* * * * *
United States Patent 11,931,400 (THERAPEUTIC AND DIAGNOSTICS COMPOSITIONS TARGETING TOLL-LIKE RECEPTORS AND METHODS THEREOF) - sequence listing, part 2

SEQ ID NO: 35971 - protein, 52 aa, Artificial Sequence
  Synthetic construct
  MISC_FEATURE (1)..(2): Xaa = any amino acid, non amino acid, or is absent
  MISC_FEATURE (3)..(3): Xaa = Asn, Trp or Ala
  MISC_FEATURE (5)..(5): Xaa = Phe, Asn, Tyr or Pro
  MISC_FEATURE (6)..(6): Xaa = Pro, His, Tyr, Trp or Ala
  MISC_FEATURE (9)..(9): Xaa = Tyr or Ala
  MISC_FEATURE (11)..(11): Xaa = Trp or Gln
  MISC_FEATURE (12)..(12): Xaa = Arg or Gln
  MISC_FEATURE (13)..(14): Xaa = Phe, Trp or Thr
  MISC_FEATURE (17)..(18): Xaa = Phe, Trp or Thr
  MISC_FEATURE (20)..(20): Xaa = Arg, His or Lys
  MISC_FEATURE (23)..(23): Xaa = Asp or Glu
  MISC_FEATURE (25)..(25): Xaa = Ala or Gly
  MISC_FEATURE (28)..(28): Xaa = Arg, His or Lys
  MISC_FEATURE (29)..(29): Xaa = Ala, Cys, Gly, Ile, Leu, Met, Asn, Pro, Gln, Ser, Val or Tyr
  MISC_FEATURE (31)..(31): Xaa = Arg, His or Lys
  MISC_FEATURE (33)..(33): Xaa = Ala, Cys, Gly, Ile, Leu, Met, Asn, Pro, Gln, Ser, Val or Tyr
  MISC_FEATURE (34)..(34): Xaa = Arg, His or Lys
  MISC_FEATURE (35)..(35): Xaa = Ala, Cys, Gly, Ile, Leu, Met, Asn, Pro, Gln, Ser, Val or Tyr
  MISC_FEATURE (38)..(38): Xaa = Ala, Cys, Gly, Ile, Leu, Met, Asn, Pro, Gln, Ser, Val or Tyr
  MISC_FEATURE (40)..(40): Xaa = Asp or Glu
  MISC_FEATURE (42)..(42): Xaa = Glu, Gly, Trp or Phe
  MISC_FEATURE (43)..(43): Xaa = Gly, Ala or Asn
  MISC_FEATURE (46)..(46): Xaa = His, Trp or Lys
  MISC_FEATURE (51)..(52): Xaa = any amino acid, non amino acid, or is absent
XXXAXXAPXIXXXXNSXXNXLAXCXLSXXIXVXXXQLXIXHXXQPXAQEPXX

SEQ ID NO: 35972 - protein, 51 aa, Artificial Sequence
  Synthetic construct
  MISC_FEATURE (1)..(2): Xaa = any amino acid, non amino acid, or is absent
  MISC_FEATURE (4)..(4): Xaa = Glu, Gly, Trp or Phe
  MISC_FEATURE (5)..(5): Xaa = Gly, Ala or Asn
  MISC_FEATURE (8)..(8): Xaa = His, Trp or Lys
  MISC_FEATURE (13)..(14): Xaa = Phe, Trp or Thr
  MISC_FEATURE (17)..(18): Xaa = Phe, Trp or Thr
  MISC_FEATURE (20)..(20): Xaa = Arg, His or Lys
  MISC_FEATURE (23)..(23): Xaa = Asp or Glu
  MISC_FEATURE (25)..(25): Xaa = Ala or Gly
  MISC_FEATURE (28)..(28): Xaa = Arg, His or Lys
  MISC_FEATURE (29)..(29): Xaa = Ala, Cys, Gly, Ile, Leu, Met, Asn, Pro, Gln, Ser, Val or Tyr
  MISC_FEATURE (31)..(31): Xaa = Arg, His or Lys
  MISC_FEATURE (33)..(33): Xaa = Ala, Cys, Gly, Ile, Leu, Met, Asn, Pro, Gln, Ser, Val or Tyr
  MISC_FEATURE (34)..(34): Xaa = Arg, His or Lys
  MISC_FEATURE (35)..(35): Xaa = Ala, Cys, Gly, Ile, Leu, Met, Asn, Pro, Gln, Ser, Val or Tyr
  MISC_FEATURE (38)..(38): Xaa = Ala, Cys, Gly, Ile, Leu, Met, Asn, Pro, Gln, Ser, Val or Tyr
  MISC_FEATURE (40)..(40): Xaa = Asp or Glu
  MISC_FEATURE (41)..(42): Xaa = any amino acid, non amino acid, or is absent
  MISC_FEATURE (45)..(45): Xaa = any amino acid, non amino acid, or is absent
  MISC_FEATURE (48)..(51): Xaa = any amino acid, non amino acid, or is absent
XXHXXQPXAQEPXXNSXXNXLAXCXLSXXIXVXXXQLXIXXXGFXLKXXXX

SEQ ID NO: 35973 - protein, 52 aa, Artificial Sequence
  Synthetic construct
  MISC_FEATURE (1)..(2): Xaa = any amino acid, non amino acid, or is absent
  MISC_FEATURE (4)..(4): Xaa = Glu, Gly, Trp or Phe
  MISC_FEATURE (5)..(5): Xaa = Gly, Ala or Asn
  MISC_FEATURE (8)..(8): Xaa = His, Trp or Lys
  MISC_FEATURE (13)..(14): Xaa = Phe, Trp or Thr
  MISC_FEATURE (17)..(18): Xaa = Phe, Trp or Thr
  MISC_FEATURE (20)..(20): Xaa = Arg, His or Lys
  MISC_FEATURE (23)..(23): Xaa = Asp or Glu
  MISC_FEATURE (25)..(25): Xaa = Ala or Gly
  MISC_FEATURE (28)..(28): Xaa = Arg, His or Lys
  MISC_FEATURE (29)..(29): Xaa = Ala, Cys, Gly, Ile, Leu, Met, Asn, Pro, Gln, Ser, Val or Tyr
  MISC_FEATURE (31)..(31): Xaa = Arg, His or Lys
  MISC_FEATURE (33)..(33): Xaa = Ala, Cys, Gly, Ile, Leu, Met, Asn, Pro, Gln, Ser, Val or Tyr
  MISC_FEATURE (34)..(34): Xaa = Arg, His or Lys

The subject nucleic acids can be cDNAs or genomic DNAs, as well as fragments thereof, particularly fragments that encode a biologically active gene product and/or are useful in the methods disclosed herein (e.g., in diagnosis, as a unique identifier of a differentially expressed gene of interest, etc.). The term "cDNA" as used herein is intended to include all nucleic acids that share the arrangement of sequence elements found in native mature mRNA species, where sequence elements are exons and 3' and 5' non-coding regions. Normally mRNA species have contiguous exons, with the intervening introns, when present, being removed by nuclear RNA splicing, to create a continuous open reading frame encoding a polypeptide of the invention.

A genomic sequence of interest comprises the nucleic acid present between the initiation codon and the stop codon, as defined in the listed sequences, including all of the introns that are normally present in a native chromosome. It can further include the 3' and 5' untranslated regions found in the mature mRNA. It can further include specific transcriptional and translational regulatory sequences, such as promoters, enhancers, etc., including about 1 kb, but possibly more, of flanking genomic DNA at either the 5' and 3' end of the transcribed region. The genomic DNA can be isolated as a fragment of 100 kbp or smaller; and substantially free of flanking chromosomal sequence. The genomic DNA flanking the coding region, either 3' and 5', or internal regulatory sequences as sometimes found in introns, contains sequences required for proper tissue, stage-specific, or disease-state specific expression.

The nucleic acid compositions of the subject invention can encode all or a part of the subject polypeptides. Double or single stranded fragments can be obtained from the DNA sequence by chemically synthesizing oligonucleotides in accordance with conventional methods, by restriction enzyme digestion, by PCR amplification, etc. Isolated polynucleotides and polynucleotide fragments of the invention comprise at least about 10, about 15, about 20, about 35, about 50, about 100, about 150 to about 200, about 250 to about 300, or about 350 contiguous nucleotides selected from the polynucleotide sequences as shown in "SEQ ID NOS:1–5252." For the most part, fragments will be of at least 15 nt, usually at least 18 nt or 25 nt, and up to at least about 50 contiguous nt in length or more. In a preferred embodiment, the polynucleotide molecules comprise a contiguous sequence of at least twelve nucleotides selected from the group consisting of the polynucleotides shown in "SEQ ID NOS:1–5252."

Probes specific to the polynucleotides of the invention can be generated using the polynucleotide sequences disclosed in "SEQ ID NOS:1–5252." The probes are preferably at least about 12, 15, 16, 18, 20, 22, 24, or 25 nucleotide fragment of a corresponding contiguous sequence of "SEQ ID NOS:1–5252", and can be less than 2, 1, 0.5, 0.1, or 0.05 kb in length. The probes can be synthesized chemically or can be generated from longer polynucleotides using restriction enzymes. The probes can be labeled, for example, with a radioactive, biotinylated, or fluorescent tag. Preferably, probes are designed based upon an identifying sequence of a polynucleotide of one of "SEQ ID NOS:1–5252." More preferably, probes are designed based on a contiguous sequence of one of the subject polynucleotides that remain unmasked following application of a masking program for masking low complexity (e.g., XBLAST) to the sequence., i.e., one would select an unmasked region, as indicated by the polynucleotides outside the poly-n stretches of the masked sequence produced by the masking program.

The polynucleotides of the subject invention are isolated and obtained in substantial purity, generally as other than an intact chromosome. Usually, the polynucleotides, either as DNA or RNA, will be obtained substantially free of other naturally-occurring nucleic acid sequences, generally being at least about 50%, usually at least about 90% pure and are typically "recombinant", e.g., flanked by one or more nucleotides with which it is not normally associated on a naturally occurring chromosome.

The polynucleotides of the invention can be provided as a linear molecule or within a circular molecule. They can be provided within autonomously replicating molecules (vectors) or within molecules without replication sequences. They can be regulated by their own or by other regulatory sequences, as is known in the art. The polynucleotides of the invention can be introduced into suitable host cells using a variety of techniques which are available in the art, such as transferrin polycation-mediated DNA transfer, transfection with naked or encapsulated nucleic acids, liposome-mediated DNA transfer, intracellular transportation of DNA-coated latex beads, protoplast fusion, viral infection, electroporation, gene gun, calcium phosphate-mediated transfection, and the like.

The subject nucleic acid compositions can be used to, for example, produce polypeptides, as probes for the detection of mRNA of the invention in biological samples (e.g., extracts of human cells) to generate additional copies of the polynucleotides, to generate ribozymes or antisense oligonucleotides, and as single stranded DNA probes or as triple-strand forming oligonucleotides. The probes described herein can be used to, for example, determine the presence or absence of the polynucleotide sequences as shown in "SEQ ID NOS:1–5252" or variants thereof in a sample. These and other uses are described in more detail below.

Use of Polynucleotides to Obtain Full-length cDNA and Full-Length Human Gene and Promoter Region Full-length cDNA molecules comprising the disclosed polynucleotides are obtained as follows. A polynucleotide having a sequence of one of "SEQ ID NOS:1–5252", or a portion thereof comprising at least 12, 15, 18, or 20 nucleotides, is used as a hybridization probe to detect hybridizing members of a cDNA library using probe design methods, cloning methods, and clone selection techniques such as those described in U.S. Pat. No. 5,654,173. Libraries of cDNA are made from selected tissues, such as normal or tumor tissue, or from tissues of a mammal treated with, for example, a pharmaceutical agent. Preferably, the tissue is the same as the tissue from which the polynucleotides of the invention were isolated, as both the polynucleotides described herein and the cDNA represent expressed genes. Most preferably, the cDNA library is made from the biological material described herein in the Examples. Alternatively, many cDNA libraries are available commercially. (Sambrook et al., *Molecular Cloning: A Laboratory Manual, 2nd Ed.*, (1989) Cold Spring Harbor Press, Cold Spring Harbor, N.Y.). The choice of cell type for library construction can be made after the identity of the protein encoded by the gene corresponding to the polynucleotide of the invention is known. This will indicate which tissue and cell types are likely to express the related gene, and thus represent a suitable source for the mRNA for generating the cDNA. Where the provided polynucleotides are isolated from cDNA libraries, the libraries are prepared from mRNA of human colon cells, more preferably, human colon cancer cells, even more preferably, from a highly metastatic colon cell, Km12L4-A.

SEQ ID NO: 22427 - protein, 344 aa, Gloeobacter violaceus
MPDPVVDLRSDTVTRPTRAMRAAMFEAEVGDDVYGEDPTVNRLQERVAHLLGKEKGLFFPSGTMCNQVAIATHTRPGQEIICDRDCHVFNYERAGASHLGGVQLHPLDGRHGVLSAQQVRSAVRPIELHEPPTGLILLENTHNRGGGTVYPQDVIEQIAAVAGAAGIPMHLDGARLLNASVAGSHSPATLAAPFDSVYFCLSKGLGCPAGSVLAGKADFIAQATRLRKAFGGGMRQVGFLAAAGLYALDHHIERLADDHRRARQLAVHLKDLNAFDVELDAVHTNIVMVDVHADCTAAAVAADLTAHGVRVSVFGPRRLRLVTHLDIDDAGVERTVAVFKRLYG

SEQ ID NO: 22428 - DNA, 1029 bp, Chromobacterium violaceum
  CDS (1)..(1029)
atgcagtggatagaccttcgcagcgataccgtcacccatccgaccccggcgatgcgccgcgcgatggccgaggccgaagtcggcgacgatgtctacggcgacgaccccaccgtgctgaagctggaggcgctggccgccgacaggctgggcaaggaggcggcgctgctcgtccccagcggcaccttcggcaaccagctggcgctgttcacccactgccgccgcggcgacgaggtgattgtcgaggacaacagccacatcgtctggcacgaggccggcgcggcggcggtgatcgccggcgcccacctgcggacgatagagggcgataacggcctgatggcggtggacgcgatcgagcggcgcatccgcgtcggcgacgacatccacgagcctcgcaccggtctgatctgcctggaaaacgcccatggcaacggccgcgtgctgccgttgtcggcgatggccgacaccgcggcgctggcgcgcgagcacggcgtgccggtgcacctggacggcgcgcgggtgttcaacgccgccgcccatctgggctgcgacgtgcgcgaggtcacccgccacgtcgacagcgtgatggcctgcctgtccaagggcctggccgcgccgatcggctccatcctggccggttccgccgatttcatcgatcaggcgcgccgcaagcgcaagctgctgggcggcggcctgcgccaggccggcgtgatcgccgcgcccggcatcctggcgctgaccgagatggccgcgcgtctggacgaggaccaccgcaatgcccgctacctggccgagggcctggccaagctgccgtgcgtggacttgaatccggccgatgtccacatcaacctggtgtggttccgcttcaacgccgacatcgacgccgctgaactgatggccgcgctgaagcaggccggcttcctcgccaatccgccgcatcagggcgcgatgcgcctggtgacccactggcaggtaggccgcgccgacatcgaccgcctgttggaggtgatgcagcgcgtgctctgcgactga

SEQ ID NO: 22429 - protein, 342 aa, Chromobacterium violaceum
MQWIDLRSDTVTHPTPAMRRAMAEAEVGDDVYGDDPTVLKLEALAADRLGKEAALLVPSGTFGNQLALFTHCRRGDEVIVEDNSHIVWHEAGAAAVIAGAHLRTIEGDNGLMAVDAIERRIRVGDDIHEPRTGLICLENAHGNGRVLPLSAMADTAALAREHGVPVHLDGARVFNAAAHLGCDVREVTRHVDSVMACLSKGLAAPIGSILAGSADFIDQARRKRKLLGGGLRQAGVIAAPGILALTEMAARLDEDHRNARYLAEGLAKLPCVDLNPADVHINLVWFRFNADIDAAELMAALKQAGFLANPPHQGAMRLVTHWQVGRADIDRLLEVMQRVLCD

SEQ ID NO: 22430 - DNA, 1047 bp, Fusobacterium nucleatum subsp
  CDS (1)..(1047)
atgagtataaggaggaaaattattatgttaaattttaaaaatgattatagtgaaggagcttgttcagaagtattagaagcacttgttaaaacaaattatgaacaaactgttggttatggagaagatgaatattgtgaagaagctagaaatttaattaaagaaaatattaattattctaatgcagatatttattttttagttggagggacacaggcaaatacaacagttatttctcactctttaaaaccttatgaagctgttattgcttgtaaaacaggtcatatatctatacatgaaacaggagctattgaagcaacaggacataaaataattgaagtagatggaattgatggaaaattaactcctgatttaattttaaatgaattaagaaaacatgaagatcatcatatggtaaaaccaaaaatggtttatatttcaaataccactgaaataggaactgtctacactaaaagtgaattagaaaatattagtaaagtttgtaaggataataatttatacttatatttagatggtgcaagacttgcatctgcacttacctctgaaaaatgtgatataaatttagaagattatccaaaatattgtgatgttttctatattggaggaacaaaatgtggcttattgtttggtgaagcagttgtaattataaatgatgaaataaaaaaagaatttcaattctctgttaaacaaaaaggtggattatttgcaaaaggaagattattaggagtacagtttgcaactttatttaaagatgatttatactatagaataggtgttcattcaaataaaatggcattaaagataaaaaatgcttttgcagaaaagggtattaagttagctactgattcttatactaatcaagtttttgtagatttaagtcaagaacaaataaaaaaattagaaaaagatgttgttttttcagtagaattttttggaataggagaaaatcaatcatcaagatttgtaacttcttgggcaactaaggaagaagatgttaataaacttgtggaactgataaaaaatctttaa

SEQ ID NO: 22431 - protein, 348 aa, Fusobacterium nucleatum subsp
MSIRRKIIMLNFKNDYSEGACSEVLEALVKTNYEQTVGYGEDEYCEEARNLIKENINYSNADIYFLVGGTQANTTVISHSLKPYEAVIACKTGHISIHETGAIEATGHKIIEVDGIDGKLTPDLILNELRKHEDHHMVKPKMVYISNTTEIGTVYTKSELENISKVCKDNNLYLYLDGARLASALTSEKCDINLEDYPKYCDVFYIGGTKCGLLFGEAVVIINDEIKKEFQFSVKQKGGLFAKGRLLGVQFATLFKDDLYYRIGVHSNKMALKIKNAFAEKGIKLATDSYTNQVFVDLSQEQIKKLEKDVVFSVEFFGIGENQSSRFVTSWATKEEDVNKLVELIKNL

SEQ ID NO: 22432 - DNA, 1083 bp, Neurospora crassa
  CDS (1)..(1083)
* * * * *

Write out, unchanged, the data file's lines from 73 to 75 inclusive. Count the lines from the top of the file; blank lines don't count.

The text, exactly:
The polynucleotides of the invention can be provided as a linear molecule or within a circular molecule. They can be provided within autonomously replicating molecules (vectors) or within molecules without replication sequences. They can be regulated by their own or by other regulatory sequences, as is known in the art. The polynucleotides of the invention can be introduced into suitable host cells using a variety of techniques which are available in the art, such as transferrin polycation-mediated DNA transfer, transfection with naked or encapsulated nucleic acids, liposome-mediated DNA transfer, intracellular transportation of DNA-coated latex beads, protoplast fusion, viral infection, electroporation, gene gun, calcium phosphate-mediated transfection, and the like.

The subject nucleic acid compositions can be used to, for example, produce polypeptides, as probes for the detection of mRNA of the invention in biological samples (e.g., extracts of human cells) to generate additional copies of the polynucleotides, to generate ribozymes or antisense oligonucleotides, and as single stranded DNA probes or as triple-strand forming oligonucleotides. The probes described herein can be used to, for example, determine the presence or absence of the polynucleotide sequences as shown in "SEQ ID NOS:1–5252" or variants thereof in a sample. These and other uses are described in more detail below.

Use of Polynucleotides to Obtain Full-length cDNA and Full-Length Human Gene and Promoter Region Full-length cDNA molecules comprising the disclosed polynucleotides are obtained as follows. A polynucleotide having a sequence of one of "SEQ ID NOS:1–5252", or a portion thereof comprising at least 12, 15, 18, or 20 nucleotides, is used as a hybridization probe to detect hybridizing members of a cDNA library using probe design methods, cloning methods, and clone selection techniques such as those described in U.S. Pat. No. 5,654,173. Libraries of cDNA are made from selected tissues, such as normal or tumor tissue, or from tissues of a mammal treated with, for example, a pharmaceutical agent. Preferably, the tissue is the same as the tissue from which the polynucleotides of the invention were isolated, as both the polynucleotides described herein and the cDNA represent expressed genes. Most preferably, the cDNA library is made from the biological material described herein in the Examples. Alternatively, many cDNA libraries are available commercially. (Sambrook et al., *Molecular Cloning: A Laboratory Manual, 2nd Ed.*, (1989) Cold Spring Harbor Press, Cold Spring Harbor, N.Y.). The choice of cell type for library construction can be made after the identity of the protein encoded by the gene corresponding to the polynucleotide of the invention is known. This will indicate which tissue and cell types are likely to express the related gene, and thus represent a suitable source for the mRNA for generating the cDNA. Where the provided polynucleotides are isolated from cDNA libraries, the libraries are prepared from mRNA of human colon cells, more preferably, human colon cancer cells, even more preferably, from a highly metastatic colon cell, Km12L4-A.